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Some Native Americans had Neanderthal roots-expert
WASHINGTON, Feb 18 (Reuters) - The baffling 9,300-year-old Kennewick Man, whose skeleton was unearthed in 1996 in Washington state, looks so "European" because he had Neanderthal roots, a scientist said on Friday.

The National Park Service said earlier this month it would allow a genetic analysis of the skeleton, which some Native American groups claim as an ancestor and want buried.

It has intrigued researchers because the features seem to suggest a more Caucasian than Asian origin. Others say he looks like an Ainu -- the aboriginal people of Japan who are often said to be physically closer to Europeans than Japanese.

Loring Brace, a specialist in bone measurements at the University of Michigan, says he has a simple explanation for this -- both Kennewick Man and the Ainu, along with the people of Europe, descended from Neanderthals.

"I have long maintained that Neanderthals are obviously the ancestors of living Europeans," Brace told a news conference held at the annual meeting of the American Association for the Advancement of Science (AAAS).

"To produce a modern European out of a Neanderthal, all you have to do is reduce the robustness," Brace said. Scale down the heavy teeth, jaws and brow of the Neanderthal and you have a European, he said.

It is a controversial theory because most scientists believe that Neanderthals were an evolutionary dead-end, people who lived side-by-side with the Cro-Magnons who were the earliest Homo sapiens but who did not interbreed with them.

But Loring said his measurements that compare the skulls of people all over the world suggest a resemblance among peoples living in Europe, along the coastlines of Asia and into ancient North America.

He also found two distinct groups among the Native Americans. "It is clear there are two major groups and they are not closely related to each other at all," Brace said.

One group physically more resembles East Asians, especially modern Chinese, while the second looks a lot like the Ainu.

"Some of the Plains Indians don't look Native American at all," Brace said.

He thinks they may have come from the same lineage as Kennewick Man did. Brace has not been allowed to examine the Kennewick remains, but thinks any measurements he could make would support his theories.

Some recent evidence tends to support Brace.

In October an international team of scientists tested Neanderthal bones found in Croatia in the 1970s and found they may be just 28,000 years old, which means they would have lived side-by-side with modern humans for several thousand years.

Erik Trinkaus, an anthropologist at Washington University in St. Louis, led that study and another one that a few months earlier suggested that the 24,500-year-old bones of a child found in Portugal showed characteristics of both Neanderthals and of modern humans.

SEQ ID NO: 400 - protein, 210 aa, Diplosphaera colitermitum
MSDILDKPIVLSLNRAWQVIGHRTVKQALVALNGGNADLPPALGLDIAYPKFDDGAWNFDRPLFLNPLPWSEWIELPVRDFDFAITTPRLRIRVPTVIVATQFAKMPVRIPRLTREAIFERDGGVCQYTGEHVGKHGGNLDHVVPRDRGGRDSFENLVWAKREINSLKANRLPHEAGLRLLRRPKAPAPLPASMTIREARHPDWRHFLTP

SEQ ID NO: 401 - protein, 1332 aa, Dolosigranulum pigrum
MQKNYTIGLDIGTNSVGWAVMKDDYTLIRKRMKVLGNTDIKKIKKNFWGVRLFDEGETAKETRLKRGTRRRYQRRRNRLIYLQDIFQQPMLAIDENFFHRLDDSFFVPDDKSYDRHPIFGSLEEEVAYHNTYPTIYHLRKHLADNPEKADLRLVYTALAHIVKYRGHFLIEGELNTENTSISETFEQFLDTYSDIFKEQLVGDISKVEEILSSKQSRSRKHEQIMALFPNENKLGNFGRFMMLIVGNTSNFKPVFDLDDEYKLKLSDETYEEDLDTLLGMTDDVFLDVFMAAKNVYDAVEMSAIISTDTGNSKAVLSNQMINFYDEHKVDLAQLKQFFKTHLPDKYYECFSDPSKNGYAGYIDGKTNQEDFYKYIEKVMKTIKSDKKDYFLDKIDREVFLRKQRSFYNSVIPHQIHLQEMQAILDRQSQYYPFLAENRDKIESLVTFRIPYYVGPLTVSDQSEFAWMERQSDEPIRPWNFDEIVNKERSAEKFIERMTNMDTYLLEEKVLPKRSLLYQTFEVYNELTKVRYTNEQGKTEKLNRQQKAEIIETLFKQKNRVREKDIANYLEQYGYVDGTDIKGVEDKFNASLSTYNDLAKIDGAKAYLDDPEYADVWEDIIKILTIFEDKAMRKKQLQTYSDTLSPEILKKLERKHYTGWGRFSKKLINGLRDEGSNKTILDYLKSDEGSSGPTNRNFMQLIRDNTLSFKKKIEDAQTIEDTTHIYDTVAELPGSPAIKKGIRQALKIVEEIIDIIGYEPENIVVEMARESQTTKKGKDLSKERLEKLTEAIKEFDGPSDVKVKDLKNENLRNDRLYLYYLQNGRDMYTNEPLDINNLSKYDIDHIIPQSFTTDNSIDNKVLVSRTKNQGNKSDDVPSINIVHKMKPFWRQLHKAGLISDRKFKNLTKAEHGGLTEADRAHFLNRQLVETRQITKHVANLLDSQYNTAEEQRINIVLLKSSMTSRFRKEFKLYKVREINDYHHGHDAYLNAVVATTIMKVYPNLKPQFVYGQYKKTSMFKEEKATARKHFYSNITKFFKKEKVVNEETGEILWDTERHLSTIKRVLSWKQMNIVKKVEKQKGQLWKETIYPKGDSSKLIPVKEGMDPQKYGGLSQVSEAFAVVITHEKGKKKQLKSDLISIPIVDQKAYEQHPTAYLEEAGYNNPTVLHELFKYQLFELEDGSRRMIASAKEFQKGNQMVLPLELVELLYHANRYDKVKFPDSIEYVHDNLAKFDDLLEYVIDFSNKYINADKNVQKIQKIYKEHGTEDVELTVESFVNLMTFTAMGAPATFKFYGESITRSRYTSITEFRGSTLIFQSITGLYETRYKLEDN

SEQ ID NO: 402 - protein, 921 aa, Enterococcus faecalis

Trinkaus said he believed this suggested humans and Neanderthals interbred, but Brace said it just as easily could have been an "intermediate" form of human evolving from Neanderthal into modern Homo sapiens sapiens.

Although just a few years ago everyone agreed no humans lived in the New World until about 11,000 years ago, and that everyone trekked together over the Bering Strait into Alaska, more and more evidence suggests that people started coming over in successive waves as long as 30,000 years ago.

David Meltzer, an anthropologist at Southern Methodist University, noted that huge ice sheets would have blocked any passage from the Bering Strait down through Canada until 11,500 years ago.

A settlement in Monte Verde, Chile has been dated to 12,500 years ago, which suggests people must have come either a different way, or long before the ice sheets formed.

Theodore Schurr of the Southwest Foundation for Biomedical research in San Antonio, Texas did genetic studies that found four separate lineages in the Americas, and using a "molecular clock" that tracks the rate of mutations in DNA, dates some of them back as far as 25,000 or 30,000 years ago.

Some seem to originate in southeastern Siberia, while one seems to have links with a relatively rare lineage found in a few modern Europeans.

Johanna Nichols of the University of California-Berkeley, who compared the structures of Native American languages to languages found elsewhere in the world, said some of the similarities when dated using a kind of linguistic clock, could date back to a common ancestral language 30,000 years ago.

One thing is clear, Meltzer said -- when people did reach what is now the continental United States they spread fast, which meant they had to be astonishingly resourceful.

"In the space of 500 years they completely covered the continent," he said. "These folk had no neighbors."

And most modern hunter-gatherers depend heavily on their neighbors for information about the landscape.

The early colonists of the Americas had no one to ask where to find water, food or herbs to cure their ills. And they had few sources of fresh genes. "You can only marry your sister so many times," Meltzer said.

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